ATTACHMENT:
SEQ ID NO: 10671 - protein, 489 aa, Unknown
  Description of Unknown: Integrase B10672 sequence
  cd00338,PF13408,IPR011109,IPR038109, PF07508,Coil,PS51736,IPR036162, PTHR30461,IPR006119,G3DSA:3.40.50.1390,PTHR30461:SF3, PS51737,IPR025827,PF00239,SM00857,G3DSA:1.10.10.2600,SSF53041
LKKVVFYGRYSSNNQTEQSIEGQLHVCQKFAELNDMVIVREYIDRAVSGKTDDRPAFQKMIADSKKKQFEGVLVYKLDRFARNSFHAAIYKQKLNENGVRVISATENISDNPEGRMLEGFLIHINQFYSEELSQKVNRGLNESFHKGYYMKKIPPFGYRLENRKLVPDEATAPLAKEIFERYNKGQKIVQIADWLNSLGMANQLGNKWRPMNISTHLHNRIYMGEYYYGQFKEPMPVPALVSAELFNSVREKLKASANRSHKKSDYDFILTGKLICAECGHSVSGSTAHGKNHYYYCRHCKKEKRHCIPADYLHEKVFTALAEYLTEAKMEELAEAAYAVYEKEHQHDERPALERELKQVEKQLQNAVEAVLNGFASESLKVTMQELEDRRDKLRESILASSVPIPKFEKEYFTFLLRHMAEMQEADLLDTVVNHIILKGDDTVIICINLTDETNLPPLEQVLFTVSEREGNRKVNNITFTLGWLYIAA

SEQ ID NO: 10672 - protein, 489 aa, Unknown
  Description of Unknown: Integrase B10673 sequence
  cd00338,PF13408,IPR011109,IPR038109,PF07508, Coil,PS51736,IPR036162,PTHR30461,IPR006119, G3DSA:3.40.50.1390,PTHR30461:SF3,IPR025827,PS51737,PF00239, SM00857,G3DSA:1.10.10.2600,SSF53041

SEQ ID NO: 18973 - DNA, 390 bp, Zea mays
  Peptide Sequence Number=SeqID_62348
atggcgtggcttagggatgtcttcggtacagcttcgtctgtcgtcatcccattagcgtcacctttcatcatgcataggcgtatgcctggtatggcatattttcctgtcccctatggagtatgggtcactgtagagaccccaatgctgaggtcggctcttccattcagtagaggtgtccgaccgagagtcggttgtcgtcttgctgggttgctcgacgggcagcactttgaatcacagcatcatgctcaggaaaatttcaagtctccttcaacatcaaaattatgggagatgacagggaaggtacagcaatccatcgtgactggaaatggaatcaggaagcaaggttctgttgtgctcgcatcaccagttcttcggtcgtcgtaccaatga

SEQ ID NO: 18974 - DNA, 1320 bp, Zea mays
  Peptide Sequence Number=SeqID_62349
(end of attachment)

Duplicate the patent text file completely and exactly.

SEQ ID NO: 10671 - protein, 489 aa, Unknown
  Description of Unknown: Integrase B10672 sequence
  cd00338,PF13408,IPR011109,IPR038109, PF07508,Coil,PS51736,IPR036162, PTHR30461,IPR006119,G3DSA:3.40.50.1390,PTHR30461:SF3, PS51737,IPR025827,PF00239,SM00857,G3DSA:1.10.10.2600,SSF53041
LKKVVFYGRYSSNNQTEQSIEGQLHVCQKFAELNDMVIVREYIDRAVSGKTDDRPAFQKMIADSKKKQFEGVLVYKLDRFARNSFHAAIYKQKLNENGVRVISATENISDNPEGRMLEGFLIHINQFYSEELSQKVNRGLNESFHKGYYMKKIPPFGYRLENRKLVPDEATAPLAKEIFERYNKGQKIVQIADWLNSLGMANQLGNKWRPMNISTHLHNRIYMGEYYYGQFKEPMPVPALVSAELFNSVREKLKASANRSHKKSDYDFILTGKLICAECGHSVSGSTAHGKNHYYYCRHCKKEKRHCIPADYLHEKVFTALAEYLTEAKMEELAEAAYAVYEKEHQHDERPALERELKQVEKQLQNAVEAVLNGFASESLKVTMQELEDRRDKLRESILASSVPIPKFEKEYFTFLLRHMAEMQEADLLDTVVNHIILKGDDTVIICINLTDETNLPPLEQVLFTVSEREGNRKVNNITFTLGWLYIAA

SEQ ID NO: 10672 - protein, 489 aa, Unknown
  Description of Unknown: Integrase B10673 sequence
  cd00338,PF13408,IPR011109,IPR038109,PF07508, Coil,PS51736,IPR036162,PTHR30461,IPR006119, G3DSA:3.40.50.1390,PTHR30461:SF3,IPR025827,PS51737,PF00239, SM00857,G3DSA:1.10.10.2600,SSF53041

SEQ ID NO: 18973 - DNA, 390 bp, Zea mays
  Peptide Sequence Number=SeqID_62348
atggcgtggcttagggatgtcttcggtacagcttcgtctgtcgtcatcccattagcgtcacctttcatcatgcataggcgtatgcctggtatggcatattttcctgtcccctatggagtatgggtcactgtagagaccccaatgctgaggtcggctcttccattcagtagaggtgtccgaccgagagtcggttgtcgtcttgctgggttgctcgacgggcagcactttgaatcacagcatcatgctcaggaaaatttcaagtctccttcaacatcaaaattatgggagatgacagggaaggtacagcaatccatcgtgactggaaatggaatcaggaagcaaggttctgttgtgctcgcatcaccagttcttcggtcgtcgtaccaatga

SEQ ID NO: 18974 - DNA, 1320 bp, Zea mays
  Peptide Sequence Number=SeqID_62349